Tuesday 2 April 2024

From a muddy mangrove to an ex-slaughterhouse: a promenade through Macau

I'm in Macau preparing a performance that I'll film tomorrow. It's a tour in the sense that it is a promenade style of show that travels through the city. The original inspiration was land reclamation, of which Macau has a great deal. The video below shows how Macau has evolved from being three small islands to two substantially larger ones.

The performance will trace a path first over the flat reclaimed land and then up onto the higher ground. It taps into the fear of flooding, something that Macau knows about only too well. The city experienced devastating typhoon flooding in 2017 that left much of the city inundated. That scenario looks only too likely to return with greater frequency now that our global weather patterns are going rogue

The performance is not simply the tracing of this path. I'll be emerging from the mud and sands with a basic office in tow: desk, chair, computer, screen etc. Caked in mud I'll push it through the city and make my way to Ox Warehouse, the contemporary art gallery that is supporting this. It's going to be another hot day, 29 degrees, and the route will probably take over an hour. Even if everything goes right, which is a big assumption, it will be a tough tour.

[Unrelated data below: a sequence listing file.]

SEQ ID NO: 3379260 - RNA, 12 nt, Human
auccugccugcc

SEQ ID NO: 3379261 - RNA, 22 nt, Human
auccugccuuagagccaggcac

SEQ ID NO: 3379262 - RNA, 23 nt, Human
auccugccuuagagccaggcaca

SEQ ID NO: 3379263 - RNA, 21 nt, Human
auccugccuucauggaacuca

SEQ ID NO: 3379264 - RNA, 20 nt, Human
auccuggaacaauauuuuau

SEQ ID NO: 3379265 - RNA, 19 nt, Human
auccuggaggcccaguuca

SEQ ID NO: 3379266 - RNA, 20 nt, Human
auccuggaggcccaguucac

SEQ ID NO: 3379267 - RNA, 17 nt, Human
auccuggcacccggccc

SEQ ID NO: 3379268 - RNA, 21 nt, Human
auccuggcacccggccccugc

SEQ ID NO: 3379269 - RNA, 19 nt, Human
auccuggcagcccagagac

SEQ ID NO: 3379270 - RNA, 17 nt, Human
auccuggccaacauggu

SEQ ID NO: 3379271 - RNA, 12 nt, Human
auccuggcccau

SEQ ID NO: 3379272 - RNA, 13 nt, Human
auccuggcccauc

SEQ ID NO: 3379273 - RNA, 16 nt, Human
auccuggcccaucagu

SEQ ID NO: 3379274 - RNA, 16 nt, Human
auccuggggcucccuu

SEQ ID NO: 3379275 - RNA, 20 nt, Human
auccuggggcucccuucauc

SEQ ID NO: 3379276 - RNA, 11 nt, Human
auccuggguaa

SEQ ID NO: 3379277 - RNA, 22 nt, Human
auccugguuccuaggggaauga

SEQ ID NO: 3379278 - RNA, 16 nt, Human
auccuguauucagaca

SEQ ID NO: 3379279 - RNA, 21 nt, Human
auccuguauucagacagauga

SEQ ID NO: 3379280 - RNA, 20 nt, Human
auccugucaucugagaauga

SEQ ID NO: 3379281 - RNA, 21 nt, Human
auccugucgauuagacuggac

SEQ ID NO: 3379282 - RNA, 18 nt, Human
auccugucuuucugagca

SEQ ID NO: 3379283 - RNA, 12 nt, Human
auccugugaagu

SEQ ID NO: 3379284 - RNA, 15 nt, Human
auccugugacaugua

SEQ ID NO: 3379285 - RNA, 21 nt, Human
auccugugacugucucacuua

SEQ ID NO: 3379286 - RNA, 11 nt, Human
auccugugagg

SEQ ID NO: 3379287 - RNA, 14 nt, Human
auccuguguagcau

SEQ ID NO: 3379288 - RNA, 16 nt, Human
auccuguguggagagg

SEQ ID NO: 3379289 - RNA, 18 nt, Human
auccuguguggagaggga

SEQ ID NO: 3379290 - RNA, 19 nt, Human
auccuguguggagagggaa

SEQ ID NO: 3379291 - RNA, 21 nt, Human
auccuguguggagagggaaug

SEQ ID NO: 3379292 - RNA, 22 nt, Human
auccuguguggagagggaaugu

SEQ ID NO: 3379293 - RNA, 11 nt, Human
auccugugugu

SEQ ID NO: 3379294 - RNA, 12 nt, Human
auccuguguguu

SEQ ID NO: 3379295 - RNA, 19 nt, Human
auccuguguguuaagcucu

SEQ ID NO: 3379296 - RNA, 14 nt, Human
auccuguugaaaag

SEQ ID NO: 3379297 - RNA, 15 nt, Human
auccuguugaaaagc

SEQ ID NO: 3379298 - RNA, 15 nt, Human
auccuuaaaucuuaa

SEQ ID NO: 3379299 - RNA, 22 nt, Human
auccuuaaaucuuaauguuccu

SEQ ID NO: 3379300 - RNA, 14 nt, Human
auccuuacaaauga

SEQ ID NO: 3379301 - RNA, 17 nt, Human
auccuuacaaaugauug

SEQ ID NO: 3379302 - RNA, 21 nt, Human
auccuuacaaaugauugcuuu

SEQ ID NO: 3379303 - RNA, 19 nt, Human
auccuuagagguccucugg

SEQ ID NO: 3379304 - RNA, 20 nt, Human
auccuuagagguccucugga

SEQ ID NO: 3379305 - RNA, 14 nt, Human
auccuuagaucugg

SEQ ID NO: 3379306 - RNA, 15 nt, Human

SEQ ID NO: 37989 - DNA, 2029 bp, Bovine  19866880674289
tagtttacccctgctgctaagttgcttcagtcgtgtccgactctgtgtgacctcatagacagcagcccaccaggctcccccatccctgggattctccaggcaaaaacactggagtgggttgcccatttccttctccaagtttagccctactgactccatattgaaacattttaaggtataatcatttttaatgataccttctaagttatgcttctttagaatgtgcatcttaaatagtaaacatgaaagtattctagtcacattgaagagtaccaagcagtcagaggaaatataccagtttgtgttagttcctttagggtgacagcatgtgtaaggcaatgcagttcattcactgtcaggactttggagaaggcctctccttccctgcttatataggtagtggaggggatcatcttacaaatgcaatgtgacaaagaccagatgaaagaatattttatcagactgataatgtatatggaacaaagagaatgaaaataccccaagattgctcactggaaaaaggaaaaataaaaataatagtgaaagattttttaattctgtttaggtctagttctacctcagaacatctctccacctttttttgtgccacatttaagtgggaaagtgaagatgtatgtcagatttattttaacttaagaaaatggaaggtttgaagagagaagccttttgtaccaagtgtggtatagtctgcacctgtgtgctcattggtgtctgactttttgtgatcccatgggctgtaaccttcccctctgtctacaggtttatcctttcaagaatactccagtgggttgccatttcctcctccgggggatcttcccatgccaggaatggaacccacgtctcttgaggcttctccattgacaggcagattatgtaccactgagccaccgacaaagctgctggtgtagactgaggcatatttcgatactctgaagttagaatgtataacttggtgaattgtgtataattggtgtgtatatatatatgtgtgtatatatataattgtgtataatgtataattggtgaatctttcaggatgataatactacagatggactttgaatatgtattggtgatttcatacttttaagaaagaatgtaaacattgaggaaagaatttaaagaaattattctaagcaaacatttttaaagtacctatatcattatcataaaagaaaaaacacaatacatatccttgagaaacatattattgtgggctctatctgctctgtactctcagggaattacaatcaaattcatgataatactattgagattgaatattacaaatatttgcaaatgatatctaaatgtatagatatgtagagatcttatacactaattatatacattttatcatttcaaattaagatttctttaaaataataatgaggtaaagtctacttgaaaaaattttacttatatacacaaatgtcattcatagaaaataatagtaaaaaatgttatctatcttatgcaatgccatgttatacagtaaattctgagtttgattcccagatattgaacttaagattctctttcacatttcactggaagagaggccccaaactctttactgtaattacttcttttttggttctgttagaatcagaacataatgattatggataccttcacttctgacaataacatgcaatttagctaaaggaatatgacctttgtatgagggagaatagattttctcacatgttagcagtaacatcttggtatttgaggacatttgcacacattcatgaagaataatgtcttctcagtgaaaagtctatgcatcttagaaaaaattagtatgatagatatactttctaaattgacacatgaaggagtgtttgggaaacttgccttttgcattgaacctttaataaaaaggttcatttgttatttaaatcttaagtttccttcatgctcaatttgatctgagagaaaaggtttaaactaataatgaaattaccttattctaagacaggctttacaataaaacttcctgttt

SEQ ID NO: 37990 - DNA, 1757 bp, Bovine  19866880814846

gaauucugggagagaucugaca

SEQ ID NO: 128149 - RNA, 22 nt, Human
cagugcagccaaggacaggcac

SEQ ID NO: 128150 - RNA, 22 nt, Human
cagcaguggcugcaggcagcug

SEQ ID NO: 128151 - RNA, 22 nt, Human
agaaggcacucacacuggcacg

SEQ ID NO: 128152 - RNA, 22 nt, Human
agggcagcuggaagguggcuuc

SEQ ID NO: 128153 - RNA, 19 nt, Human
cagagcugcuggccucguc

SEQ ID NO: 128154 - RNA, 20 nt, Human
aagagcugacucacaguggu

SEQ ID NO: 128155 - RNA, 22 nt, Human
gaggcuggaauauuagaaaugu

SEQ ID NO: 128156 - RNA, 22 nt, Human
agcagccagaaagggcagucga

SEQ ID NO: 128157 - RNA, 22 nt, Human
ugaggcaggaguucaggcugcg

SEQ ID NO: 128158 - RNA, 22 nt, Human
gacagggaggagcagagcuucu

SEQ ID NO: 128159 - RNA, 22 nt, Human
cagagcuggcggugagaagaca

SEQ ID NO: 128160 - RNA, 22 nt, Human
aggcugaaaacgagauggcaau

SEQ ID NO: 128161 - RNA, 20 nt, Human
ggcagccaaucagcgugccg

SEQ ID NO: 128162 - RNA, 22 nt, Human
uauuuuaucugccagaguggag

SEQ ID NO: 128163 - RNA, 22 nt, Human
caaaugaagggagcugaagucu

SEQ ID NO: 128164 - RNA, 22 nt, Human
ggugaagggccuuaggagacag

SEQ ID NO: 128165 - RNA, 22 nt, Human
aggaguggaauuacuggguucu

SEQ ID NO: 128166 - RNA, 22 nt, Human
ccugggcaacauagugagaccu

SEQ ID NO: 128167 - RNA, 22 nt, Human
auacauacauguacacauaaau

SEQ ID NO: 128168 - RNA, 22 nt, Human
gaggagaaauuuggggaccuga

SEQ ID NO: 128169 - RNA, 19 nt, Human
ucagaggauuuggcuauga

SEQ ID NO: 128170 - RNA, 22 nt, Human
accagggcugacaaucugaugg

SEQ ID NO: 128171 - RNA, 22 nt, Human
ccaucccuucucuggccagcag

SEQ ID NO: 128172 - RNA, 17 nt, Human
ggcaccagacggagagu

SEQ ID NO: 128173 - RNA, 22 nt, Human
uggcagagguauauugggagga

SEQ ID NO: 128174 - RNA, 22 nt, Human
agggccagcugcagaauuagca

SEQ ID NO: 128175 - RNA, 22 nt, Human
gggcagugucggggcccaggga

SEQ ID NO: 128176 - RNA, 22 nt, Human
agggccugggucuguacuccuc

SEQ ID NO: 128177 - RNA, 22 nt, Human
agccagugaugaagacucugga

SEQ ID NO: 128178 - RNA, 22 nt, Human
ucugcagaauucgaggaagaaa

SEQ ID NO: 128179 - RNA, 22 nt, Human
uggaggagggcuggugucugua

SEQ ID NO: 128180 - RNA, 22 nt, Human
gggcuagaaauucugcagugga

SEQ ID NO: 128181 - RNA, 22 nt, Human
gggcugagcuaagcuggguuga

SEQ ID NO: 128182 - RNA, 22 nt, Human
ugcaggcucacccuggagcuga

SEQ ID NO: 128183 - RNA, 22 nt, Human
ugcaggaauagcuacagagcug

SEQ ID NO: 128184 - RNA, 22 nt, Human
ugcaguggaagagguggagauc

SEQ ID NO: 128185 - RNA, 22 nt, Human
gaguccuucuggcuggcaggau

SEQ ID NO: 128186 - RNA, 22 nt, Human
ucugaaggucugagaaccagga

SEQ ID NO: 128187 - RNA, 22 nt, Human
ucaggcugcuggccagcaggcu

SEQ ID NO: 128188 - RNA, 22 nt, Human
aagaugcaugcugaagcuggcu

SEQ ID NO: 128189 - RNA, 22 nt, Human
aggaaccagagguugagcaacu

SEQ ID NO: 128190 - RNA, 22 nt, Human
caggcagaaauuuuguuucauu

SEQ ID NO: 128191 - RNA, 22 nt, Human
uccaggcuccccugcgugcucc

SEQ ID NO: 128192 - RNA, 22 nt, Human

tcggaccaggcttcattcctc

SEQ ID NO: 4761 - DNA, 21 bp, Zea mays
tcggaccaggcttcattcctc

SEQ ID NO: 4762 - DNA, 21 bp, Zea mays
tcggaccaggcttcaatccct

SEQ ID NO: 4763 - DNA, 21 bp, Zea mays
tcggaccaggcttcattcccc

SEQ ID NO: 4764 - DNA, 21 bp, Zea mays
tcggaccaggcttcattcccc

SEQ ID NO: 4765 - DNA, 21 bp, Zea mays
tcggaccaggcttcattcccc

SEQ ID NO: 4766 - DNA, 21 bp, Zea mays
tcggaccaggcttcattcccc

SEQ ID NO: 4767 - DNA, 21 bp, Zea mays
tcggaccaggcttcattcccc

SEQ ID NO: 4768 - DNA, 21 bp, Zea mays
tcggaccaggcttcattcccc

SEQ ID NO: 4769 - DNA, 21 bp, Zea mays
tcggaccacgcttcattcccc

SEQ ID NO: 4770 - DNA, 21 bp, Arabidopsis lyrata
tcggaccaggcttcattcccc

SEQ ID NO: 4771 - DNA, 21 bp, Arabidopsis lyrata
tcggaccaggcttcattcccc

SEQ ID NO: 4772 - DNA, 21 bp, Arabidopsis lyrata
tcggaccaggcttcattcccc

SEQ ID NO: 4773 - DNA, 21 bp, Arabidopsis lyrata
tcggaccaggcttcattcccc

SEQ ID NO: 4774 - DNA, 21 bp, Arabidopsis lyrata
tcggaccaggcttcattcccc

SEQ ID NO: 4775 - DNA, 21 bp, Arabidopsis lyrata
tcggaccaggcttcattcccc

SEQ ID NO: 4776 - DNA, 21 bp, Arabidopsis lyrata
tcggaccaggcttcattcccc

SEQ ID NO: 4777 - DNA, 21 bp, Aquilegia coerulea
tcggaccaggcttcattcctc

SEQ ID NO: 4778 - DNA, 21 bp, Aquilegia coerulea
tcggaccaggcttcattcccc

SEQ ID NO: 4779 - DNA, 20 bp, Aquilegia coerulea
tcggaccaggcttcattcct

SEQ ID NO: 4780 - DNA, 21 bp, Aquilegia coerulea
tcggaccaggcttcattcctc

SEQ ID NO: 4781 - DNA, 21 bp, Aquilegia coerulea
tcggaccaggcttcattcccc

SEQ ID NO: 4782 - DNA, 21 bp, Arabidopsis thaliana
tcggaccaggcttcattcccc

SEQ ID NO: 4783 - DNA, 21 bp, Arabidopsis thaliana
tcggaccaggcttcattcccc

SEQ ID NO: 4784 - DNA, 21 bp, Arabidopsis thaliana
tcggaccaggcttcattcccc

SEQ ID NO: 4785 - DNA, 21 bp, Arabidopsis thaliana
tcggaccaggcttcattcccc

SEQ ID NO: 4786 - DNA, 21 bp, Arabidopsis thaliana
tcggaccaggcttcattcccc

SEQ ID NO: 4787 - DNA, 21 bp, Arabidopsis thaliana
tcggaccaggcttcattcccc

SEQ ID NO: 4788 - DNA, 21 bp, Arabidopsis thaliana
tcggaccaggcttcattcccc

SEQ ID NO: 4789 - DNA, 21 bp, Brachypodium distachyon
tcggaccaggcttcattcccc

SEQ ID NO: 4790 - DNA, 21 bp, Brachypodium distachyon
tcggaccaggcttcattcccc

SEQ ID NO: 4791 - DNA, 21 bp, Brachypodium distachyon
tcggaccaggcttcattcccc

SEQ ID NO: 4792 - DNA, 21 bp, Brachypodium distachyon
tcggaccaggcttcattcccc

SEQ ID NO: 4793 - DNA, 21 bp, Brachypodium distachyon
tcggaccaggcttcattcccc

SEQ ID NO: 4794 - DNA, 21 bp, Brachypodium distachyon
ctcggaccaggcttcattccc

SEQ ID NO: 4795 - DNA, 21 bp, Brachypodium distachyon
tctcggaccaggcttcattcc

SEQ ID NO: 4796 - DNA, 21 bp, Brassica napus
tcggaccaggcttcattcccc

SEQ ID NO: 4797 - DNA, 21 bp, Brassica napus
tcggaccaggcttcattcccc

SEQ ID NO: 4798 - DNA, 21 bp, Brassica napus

It's already looking less straightforward as the gate onto the beach where I start has now been sealed; it was previously unlocked. I'll have to pass everything over a fence and climb over it myself, too. We have permission to do this performance from the local government, so hopefully it won't get stopped, but it is hard to really predict how it will all turn out. That's half the fun.

The locking of the gate may be a blessing in disguise. It means I will begin in the sandy mud at the bottom of these steps, beside the remains of a mangrove forest. The vast majority of it has been uprooted and covered in rocks to make way for casinos, but a small pocket of it hangs on. Since I learned that these rare natural environments sequester up to eight times more carbon than regular forests, I have a special regard for them. They are forests growing out of the coastal mud flats; dense, liminal, teaming with life, they are one of nature's enigmatic zones that holds hidden wonder. I'll be bringing some of that with me through the polished streets tomorrow, a climate refugee from the future on his way to higher ground.

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